October 14, 2015 in Planet Roundup by

This illustration shows Makemake, a plutoid located in a region beyond Neptune that is populated with small Solar System bodies (often referred to as the transneptunian region).  The object was discovered in 2005 by a team from the California Institute of Technology led by Mike Brown, and was previously known as 2005 FY9 (or unofficially "Easterbunny"). Visually, it is the second brightest transneptunian object, following after Pluto. The name Makemake was suggested by Mike Brown, in honour the creator of humanity and the god of fertility in the mythology of the South Pacific island of Rapa Nui or the Easter Island. Makemake was the chief god of the Tangata manu bird-man cult and was worshiped in the form of sea birds, which were his incarnation. His material symbol was a man with a bird's head. Members of the International Astronomical Union's Committee on Small Body Nomenclature (CSBN) and the IAU Working Group for Planetary System Nomenclature (WGPSN) agreed with his proposal.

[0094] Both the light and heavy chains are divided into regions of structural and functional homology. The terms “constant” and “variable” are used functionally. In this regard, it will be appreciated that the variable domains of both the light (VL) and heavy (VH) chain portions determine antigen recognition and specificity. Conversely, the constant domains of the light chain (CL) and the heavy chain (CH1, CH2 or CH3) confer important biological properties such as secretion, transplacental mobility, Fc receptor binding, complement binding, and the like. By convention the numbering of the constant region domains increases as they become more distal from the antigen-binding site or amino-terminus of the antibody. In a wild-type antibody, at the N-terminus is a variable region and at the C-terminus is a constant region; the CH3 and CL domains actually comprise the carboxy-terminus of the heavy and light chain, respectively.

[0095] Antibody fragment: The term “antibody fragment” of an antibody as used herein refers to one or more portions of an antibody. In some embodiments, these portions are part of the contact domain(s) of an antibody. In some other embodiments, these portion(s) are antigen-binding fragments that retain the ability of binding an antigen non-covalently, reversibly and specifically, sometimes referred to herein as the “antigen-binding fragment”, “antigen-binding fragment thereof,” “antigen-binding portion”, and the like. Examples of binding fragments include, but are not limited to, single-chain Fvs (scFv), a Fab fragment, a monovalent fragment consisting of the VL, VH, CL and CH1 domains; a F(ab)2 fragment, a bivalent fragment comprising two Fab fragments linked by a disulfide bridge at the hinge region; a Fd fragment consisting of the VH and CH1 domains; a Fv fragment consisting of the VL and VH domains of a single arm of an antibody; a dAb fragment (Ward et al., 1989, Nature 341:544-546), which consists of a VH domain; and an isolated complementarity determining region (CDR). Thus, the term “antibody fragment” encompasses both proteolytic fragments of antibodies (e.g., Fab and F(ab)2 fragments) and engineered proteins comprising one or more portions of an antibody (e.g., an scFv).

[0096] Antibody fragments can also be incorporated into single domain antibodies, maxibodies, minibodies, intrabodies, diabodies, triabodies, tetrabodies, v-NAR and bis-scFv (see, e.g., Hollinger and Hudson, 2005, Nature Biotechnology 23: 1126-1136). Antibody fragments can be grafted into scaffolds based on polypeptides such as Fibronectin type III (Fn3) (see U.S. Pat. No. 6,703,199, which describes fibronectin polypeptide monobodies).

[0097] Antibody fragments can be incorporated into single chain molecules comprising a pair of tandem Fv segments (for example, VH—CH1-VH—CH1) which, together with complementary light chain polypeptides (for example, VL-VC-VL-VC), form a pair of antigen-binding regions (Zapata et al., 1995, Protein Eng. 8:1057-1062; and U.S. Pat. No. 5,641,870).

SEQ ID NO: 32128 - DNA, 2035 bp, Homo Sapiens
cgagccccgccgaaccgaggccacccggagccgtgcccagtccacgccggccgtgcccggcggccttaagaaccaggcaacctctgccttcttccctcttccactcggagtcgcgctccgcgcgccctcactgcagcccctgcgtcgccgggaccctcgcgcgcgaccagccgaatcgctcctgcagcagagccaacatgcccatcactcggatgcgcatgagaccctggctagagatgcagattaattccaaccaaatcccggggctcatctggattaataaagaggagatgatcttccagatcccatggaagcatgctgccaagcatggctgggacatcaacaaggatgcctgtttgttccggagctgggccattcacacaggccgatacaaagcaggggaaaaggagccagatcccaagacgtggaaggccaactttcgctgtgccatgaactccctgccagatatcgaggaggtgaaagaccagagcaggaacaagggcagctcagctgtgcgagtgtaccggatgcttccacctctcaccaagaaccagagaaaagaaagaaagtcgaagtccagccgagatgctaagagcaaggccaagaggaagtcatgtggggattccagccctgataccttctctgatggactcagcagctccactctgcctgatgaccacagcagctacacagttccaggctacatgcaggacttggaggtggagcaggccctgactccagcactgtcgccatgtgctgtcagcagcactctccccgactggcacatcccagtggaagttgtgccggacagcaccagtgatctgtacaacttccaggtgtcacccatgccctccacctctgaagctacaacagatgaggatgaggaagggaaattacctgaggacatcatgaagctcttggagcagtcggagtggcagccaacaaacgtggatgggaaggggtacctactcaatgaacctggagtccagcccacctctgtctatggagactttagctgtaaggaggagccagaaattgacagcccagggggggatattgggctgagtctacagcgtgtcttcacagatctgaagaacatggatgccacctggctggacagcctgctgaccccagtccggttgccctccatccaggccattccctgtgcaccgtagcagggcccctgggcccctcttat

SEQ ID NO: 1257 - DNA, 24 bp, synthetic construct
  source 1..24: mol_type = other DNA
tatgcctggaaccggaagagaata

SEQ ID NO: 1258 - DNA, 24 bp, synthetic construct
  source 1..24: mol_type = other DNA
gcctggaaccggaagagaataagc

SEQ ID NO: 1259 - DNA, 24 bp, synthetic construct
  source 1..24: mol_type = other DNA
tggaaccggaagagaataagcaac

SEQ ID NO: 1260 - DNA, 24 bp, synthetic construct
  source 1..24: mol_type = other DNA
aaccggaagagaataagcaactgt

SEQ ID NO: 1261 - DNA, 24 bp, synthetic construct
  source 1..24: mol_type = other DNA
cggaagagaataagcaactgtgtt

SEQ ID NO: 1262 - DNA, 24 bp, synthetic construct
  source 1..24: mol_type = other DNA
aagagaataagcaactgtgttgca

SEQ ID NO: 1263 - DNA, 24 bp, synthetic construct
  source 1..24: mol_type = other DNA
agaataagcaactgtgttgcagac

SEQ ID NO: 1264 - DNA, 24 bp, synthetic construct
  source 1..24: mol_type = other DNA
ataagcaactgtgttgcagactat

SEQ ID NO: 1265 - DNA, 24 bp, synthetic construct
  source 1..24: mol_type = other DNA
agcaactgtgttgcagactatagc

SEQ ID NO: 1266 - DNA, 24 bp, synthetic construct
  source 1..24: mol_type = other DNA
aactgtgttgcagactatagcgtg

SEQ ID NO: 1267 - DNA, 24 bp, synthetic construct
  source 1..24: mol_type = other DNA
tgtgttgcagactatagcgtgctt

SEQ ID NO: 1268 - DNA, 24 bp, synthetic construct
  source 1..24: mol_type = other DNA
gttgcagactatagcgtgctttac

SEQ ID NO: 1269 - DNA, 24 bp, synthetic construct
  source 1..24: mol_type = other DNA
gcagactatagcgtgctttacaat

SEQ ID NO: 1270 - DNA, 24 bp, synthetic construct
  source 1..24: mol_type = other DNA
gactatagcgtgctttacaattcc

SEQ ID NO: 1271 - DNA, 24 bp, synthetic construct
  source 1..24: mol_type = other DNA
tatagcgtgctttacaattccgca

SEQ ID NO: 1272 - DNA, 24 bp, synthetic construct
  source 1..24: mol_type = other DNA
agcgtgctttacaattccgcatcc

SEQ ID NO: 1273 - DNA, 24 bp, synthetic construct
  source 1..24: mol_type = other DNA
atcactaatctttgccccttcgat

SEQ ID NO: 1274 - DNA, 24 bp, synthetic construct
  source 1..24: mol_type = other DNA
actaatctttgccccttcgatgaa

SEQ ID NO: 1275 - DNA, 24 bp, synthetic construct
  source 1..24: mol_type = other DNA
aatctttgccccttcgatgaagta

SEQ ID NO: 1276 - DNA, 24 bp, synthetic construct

Makemake at magnitude 17.3, in Coma Berenices, is high in the northwestern sky, a little more then a 1½° west of γ Comae Berenices, at the end of twilight and sets about 1 am.